Previous studies on stem elongation kinetics indicated that stem elongation was not constant during a 24 h day/night cycle, in many plant species, stem elongation rate was higher in dark conditions than in the light (Bertram and Karlsen, 1994; Tutty et al., 1994). Therefore, one of the effective ways to control plant height is to control the light condition in the dark period. Recent studies report that RL or high R: Fr light can make phytochromes exist more in Pfr form which inhibit plant stem elongation, whereas FRL or low R: Fr light can make phytochromes exist more in Pr form which can promote plant stem elongation (Behringer and Davies, 1992; Van Tuinen et al., 1999; Smith, 2000). Tomato contains five phytochromes, designated PHYA, PHYB1, PHYB2, PHYE, and PHYF, the five phytochromes can sense RL and FRL to control tomato plant growth (Hauser et al., 1997). It has been concluded that PHYB1 is mainly responsible for mediating the de-etiolation response of seedlings to RL as quantified by the inhibition of hypcotyl elongation, enhancement of anthocyanin accumulation, and end-of-day FRL responses (Kerckhoffs et al., 1997). Tomato plants subjected to light environments with low R:FR ratio or end-of-day FRL treatment displayed no differences in leaf area expansion, but had significantly increased stem elongation (Chia and Kubota, 2010; Kurepin et al., 2010). In the current study, we use RL NB treatment to prevent tomato plants from becoming spindly. RL NB can quickly change phytochromes from the Pr form to the Pfr form during the night and inhibit tomato stem elongation. The results showed that with the increase of RL NB frequency, plant height decreased. When the RL NB frequency was every 1 h, the heights of tomato plant decreased by 32.73% compared with the control (Figures 2A,B).
Before entering dark conditions, phytochromes exist predominantly in the Pfr form. After entering dark conditions, Pfr undergoes dark recovery and slowly converts into the inactive Pr form. 10 min RL NB can quickly change phytochromes from the Pr form to the Pfr form. When RL NB frequency is every 4 h, the tomato plants will enter dark period 4 h after 10 min RL NB which will lead phytochromes undergoes dark recovery and slowly converts into the inactive Pr form during the 4 h dark period. Therefore, the inhibition of tomato stem elongation by RL NB every 4 h is limited. However, when RL NB frequencies is every 1 h, the tomato plants will enter dark period 1 h after 10 min RL NB which will not enough for dark recovery. Therefore, the inhibition of tomato stem elongation by RL NB every 1 h is significant.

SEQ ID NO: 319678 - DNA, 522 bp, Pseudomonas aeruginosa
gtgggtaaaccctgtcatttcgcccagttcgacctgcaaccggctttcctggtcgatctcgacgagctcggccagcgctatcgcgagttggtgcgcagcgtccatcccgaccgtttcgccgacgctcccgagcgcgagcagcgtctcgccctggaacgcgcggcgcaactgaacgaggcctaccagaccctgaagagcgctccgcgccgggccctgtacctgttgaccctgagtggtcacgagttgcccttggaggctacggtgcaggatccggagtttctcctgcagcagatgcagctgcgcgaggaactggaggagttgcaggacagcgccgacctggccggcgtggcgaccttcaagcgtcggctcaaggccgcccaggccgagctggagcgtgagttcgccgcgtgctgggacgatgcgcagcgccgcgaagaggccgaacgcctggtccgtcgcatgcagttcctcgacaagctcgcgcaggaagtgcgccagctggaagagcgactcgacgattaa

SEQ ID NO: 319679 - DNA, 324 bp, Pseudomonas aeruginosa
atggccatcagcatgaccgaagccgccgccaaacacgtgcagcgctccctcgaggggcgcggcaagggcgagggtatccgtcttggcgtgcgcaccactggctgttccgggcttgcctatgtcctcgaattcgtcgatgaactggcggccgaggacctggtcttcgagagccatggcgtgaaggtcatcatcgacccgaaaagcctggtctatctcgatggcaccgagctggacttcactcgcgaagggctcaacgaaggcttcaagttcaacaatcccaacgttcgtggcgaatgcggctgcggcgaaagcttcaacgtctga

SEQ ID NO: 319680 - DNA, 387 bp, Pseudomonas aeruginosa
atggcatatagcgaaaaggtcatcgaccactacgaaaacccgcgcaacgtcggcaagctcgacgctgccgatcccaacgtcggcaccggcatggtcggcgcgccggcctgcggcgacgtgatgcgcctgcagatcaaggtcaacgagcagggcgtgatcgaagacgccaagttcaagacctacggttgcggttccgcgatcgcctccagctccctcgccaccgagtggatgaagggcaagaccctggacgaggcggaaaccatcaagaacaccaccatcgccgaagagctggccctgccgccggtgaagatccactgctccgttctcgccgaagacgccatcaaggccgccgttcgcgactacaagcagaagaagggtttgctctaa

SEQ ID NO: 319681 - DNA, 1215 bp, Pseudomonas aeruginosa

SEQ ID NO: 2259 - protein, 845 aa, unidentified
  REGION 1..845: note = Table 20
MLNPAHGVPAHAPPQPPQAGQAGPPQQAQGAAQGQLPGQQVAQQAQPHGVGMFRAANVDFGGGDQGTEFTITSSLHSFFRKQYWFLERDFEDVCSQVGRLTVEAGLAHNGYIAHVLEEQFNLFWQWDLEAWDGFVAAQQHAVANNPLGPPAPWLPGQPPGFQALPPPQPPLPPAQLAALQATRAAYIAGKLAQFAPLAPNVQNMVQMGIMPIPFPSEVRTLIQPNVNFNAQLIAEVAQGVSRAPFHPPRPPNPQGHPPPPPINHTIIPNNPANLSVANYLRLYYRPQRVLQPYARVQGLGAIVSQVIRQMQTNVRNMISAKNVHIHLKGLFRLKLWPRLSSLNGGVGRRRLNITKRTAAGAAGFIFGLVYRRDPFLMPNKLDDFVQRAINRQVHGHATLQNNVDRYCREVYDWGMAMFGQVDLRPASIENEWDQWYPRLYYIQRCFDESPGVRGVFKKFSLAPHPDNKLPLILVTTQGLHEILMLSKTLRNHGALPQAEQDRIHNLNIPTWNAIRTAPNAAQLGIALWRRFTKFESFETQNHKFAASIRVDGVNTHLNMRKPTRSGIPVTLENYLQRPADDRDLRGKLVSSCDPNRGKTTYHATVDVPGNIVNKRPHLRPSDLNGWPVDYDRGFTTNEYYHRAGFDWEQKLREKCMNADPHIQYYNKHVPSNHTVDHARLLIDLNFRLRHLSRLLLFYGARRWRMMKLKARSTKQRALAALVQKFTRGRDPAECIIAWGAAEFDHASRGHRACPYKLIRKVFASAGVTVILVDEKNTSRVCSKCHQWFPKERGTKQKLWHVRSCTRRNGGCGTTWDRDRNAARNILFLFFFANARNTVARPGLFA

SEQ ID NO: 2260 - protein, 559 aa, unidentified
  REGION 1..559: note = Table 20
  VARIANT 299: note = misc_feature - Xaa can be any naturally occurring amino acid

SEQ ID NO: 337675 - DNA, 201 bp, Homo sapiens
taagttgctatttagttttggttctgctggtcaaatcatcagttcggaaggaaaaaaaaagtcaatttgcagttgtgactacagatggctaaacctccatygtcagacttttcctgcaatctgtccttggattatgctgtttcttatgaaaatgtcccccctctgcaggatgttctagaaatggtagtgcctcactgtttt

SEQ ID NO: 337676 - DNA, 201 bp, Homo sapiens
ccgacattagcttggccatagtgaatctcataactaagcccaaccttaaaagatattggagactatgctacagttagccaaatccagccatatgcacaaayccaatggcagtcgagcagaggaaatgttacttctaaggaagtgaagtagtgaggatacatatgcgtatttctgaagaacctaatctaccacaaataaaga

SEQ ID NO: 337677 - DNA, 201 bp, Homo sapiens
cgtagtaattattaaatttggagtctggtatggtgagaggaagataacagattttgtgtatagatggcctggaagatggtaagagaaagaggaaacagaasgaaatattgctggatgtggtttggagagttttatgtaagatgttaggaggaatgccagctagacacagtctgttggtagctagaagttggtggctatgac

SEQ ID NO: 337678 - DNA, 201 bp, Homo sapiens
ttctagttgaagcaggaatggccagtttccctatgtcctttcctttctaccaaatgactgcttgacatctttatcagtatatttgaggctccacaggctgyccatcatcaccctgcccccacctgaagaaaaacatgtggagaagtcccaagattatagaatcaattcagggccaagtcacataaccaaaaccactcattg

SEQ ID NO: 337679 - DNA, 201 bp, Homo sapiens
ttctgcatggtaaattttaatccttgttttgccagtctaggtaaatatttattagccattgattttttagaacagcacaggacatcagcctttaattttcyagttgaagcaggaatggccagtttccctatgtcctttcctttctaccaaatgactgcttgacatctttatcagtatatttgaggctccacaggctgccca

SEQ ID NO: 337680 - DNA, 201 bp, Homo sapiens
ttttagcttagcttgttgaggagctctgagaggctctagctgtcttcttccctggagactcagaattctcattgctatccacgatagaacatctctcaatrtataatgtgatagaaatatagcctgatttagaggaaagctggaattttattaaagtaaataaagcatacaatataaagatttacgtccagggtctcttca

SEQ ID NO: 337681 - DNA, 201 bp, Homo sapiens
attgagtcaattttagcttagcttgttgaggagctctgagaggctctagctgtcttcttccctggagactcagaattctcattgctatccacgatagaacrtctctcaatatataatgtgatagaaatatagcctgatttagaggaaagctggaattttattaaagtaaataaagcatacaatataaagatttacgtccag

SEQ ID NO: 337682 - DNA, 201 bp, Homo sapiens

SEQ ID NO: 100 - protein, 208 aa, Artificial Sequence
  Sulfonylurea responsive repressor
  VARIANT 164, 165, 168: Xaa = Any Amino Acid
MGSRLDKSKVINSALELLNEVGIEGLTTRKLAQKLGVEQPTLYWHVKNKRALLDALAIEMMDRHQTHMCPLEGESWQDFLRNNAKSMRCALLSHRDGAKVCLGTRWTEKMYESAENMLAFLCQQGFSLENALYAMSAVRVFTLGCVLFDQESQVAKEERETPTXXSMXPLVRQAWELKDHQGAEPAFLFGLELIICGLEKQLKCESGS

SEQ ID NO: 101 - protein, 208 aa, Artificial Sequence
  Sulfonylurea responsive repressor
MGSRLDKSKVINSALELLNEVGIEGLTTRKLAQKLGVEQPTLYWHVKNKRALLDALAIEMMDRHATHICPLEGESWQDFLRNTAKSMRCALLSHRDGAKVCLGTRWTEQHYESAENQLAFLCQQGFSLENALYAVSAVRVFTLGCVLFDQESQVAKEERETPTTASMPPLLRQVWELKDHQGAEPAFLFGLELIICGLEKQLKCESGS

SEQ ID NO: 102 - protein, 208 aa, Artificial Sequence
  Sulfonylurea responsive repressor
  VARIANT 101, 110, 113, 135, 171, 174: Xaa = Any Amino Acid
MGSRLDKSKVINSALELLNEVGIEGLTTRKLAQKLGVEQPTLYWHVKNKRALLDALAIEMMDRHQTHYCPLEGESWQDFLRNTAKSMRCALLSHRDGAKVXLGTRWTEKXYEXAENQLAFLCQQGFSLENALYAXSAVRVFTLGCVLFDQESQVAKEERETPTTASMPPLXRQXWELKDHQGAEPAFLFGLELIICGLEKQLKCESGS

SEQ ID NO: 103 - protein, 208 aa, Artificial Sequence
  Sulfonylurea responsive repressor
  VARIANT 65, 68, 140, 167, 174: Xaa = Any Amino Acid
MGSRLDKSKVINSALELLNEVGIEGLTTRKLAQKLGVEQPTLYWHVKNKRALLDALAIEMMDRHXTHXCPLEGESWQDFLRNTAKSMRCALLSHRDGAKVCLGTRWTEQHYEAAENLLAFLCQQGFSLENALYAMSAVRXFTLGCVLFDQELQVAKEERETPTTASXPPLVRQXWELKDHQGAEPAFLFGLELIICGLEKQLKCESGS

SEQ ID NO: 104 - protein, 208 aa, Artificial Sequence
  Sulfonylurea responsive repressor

Light and phytohormones did not always independently regulate plant growth. This study showed that IAA and GA3 contents decreased in both leaf and stem after treatment with RL NB, which reduced tomato stem elongation. Similar results have been reported by Steindler et al. (1999), who observed that inhibition of auxin transport alone was sufficient to abolish hypocotyl elongation in Arabidopsis plants grown under low R:FR ratio. Behringer and Davies (1992) reported that end-of-day FRL treatment increased IAA levels and stem elongation in the third internode of Pisum sativum plants. Kurepin et al. (2010) reported that stem elongation and endogenous GA levels increased when tomato plants were grown under low R:FR ratio conditions. Van Tuinen et al. (1999) demonstrated that tomato plants subjected to end-of-day FRL treatment elongated significantly more than control plants which could be due to the fact that phytochromes exist more in the Pr form during the night after end-of-day FRL treatment. In this study, RL NB treatment caused rapid conversion of the phytochromes from the Pr form to the Pfr form, which reduced the expression of genes involved in hormone synthesis, decreased the content of IAA and GA3 in tomato leaf and stem, and inhibited tomato stem elongation (Nozue et al., 2007; Soy et al., 2012).